The traditions have been carried through history for centuries with Easter upon us, thoughts turn to chocolate eggs, hot cross buns and tales of the Easter bunny. And to mark the Christian festival, revellers are already snapping up sweet treats and arranging Easter egg hunts. Bunnies and eggs have become symbols of Easter traditions – and here’s why But what is the history of the tradition and why are bunnies and eggs so symbolic?
Why do we buy Easter eggs?
During the Christian calendar event, it’s become customary to buy chocolate eggs.
The sweet treats have a hollow centre, which has become a symbol of Jesus’ empty tomb.
According to the Bible, the Son of God’s body was laid out in the tomb after crucifixion.
The scriptures state that when the stone covering the entrance was moved, the corpse was nowhere to be found and onlookers discovered that Jesus has risen.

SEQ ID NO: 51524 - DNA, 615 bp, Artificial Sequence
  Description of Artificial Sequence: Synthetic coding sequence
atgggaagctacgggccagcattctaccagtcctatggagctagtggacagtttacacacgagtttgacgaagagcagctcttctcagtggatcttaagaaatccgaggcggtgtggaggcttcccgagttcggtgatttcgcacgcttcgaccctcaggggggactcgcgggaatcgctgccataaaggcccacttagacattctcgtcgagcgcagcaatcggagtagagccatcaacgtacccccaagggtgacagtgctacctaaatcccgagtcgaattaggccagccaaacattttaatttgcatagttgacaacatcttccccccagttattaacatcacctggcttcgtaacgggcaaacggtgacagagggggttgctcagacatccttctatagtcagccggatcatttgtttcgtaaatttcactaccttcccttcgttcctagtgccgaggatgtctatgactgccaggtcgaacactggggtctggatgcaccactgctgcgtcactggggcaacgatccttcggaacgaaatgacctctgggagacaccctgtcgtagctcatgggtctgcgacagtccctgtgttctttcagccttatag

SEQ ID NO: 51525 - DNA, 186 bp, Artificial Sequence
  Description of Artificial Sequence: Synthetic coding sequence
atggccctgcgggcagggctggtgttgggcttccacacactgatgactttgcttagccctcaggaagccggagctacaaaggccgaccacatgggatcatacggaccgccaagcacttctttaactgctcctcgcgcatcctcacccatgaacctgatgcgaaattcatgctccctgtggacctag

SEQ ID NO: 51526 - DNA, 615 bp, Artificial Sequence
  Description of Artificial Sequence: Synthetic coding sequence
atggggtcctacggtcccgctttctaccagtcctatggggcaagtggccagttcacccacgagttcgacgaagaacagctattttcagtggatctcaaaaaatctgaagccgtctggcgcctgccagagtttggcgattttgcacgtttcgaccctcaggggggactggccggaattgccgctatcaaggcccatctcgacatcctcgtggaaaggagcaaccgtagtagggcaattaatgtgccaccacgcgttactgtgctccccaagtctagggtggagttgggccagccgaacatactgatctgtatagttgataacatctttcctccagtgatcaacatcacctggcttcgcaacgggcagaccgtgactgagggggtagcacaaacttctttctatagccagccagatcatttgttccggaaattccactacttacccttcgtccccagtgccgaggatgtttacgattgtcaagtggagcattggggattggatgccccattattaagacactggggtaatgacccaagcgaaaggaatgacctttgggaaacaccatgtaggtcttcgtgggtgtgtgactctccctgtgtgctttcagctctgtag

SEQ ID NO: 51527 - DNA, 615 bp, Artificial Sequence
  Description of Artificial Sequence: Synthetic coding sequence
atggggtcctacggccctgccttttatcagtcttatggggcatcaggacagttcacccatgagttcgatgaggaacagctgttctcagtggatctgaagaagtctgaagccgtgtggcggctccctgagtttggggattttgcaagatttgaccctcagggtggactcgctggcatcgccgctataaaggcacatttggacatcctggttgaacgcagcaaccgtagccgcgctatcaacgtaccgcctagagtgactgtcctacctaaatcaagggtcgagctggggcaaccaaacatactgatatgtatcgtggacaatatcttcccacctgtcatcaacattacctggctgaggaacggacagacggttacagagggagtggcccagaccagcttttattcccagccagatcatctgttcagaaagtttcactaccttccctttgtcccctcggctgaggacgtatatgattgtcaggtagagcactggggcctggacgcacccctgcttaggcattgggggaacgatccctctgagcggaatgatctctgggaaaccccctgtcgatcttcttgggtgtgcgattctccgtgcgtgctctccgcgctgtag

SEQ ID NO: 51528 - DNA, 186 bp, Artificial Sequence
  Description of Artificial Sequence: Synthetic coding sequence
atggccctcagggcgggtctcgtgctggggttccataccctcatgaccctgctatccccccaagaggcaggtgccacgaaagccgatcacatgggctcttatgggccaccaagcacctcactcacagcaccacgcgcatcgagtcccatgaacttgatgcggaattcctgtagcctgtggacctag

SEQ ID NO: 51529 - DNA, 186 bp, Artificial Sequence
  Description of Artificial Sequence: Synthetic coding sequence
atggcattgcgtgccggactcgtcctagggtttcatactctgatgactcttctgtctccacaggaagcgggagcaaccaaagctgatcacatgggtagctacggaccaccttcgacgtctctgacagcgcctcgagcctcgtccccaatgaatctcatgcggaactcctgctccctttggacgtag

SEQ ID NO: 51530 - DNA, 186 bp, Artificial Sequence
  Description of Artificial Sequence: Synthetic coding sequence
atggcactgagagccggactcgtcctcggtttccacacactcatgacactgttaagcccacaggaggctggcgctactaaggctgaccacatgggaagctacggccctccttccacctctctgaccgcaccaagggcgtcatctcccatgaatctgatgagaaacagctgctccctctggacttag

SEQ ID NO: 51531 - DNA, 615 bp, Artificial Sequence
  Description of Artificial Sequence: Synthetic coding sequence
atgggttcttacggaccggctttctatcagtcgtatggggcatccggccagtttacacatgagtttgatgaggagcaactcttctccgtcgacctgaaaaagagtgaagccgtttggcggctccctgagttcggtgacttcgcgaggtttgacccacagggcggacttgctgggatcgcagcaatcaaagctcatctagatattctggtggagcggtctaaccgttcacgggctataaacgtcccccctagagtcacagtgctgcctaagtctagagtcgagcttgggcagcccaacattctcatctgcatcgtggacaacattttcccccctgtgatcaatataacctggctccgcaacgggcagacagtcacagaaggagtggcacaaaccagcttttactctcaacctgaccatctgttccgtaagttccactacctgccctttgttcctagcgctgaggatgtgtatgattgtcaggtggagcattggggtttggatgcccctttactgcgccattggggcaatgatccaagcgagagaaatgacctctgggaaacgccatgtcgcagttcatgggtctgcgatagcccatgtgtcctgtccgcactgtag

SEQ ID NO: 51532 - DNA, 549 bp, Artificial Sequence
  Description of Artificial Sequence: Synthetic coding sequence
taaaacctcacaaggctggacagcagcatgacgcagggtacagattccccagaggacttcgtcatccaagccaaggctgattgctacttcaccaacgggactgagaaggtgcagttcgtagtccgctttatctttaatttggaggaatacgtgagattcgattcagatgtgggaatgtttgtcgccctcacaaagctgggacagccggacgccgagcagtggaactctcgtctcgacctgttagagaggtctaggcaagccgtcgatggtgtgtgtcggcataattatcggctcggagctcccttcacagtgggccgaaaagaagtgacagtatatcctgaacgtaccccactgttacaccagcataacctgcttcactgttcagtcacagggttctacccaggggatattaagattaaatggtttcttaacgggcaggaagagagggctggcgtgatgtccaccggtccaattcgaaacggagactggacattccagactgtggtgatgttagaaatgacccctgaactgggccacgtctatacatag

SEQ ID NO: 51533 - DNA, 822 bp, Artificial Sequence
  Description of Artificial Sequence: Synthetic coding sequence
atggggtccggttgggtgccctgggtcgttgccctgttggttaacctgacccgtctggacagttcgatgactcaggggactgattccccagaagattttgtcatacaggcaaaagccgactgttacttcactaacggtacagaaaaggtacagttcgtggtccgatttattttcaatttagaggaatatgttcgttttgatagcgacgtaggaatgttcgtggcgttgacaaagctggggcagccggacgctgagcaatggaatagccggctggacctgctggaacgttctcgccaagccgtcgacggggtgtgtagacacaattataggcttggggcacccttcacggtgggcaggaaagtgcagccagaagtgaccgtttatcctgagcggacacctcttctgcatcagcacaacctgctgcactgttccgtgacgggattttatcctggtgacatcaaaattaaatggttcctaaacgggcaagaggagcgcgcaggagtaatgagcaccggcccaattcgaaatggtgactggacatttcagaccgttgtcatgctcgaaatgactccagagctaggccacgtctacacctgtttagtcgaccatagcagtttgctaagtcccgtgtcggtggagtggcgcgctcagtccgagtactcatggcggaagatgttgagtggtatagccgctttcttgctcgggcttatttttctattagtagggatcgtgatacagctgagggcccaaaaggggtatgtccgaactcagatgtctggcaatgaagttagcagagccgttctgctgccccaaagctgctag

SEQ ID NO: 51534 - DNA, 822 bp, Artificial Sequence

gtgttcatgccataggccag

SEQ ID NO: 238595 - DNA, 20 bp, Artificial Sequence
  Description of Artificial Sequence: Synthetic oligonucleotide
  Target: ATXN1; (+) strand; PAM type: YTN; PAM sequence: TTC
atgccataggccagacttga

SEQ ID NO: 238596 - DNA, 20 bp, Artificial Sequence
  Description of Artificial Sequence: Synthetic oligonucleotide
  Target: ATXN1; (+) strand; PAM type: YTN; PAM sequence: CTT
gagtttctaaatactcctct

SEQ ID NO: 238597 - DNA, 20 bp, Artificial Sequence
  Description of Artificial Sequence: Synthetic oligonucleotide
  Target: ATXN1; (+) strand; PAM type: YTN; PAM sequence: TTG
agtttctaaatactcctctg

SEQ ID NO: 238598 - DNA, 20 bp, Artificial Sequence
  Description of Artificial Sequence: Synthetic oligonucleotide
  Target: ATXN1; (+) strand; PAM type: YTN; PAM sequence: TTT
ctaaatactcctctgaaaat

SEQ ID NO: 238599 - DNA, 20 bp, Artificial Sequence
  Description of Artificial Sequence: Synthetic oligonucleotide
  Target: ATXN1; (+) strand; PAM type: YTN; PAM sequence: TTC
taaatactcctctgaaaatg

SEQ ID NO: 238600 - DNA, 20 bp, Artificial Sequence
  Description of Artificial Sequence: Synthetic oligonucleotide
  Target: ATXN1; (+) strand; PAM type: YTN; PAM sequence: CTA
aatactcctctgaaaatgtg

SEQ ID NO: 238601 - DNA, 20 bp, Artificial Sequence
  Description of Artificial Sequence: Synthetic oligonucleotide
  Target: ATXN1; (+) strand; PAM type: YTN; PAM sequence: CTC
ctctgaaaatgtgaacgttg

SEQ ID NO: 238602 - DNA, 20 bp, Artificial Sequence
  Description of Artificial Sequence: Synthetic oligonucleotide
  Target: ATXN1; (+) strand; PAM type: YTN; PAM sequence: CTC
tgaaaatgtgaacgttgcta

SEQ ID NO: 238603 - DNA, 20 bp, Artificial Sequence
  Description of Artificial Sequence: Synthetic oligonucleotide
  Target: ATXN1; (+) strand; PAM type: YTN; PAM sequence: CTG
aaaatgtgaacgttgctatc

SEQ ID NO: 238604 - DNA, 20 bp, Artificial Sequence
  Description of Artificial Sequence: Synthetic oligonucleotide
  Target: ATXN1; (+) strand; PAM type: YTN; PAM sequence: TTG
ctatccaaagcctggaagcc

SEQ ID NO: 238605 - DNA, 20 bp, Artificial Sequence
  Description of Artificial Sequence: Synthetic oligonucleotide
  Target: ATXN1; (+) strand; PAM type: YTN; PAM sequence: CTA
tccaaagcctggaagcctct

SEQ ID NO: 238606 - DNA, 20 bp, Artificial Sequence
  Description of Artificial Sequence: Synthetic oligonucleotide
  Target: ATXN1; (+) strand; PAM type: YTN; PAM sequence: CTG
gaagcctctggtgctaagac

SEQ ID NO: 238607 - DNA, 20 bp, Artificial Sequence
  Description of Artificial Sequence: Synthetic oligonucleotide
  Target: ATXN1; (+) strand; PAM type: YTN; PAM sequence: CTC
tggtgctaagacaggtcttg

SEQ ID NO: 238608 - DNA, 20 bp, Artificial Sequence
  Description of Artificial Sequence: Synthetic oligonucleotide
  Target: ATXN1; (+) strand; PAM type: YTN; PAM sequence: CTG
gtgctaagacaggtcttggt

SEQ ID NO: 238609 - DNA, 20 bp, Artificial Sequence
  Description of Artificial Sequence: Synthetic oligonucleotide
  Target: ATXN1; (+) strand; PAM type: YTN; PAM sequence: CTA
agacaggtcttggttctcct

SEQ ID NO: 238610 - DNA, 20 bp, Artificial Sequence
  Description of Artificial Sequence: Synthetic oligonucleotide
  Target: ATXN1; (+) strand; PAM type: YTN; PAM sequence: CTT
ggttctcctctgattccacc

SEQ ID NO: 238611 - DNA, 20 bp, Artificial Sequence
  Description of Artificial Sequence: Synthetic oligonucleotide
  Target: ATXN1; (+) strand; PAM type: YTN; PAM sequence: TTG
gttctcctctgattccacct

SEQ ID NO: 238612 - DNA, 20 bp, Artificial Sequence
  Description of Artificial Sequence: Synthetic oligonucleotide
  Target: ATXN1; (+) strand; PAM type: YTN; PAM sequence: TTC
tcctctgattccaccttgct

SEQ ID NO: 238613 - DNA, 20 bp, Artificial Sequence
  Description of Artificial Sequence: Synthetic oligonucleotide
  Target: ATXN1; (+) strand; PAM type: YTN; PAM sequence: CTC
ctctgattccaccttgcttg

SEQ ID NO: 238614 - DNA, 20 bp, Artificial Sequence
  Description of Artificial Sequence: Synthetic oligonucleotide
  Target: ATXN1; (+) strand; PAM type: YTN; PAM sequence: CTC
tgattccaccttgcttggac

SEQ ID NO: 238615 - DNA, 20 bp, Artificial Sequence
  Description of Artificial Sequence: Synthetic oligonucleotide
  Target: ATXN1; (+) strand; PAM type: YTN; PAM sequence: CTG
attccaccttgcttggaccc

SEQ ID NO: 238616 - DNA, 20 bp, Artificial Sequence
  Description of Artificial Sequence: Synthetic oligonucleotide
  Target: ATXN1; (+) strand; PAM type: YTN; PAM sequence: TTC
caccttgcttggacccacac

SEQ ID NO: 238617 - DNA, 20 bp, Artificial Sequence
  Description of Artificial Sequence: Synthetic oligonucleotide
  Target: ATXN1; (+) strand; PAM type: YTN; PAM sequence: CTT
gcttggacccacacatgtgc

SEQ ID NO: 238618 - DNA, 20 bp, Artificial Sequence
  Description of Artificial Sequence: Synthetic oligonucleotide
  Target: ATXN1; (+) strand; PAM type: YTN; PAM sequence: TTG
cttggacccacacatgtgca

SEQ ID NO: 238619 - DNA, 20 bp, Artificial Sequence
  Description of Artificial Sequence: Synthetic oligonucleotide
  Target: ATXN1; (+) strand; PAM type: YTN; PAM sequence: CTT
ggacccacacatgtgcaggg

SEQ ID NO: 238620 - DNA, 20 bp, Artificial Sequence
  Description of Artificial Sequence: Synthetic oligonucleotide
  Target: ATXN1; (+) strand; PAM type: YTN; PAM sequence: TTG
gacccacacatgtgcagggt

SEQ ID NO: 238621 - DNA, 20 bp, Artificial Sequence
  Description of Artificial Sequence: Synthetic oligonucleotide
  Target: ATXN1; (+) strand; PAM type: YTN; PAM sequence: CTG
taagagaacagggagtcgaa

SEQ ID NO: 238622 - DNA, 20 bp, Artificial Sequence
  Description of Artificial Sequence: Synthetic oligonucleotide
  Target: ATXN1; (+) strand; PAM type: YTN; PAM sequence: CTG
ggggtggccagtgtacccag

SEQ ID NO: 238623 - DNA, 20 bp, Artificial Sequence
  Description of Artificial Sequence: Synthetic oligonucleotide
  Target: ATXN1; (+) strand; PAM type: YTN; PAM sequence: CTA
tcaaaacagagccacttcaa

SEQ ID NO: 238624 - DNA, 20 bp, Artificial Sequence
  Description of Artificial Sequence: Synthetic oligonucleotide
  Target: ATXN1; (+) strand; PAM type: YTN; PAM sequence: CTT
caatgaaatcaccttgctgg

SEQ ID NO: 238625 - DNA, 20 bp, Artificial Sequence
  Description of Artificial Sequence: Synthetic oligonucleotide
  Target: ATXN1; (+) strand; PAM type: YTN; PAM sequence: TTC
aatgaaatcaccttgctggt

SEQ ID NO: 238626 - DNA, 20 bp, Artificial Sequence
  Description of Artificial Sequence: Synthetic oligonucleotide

This is another reason why eggs are a common part of the religious ritual, as they’re a sign of re-birth.
Why do we have the Easter bunny?
Bunnies are nowhere to be found in the Biblical scriptures, but this hasn’t stopped the cute creatures from becoming associated with Christian tradition.
Easter bunnies were incorporated into mainstream tradition in the 17th Century.
Early depictions from Germany showed the floppy-eared creatures delivering toys and eggs in baskets to Christian families.
It’s difficult to pinpoint the exact origin of the rabbit symbol, but many scholars believe it stems from pagan ritual.
The pagan festival Eostre is dedicated to the goddess of fertility, who is often depicted as a bunny.
As the term “to go at it like rabbits” suggests, the animals are often associated with fertility.
This ties in well with the Bible, as Easter celebrates the re-birth of Jesus following his crucifixion.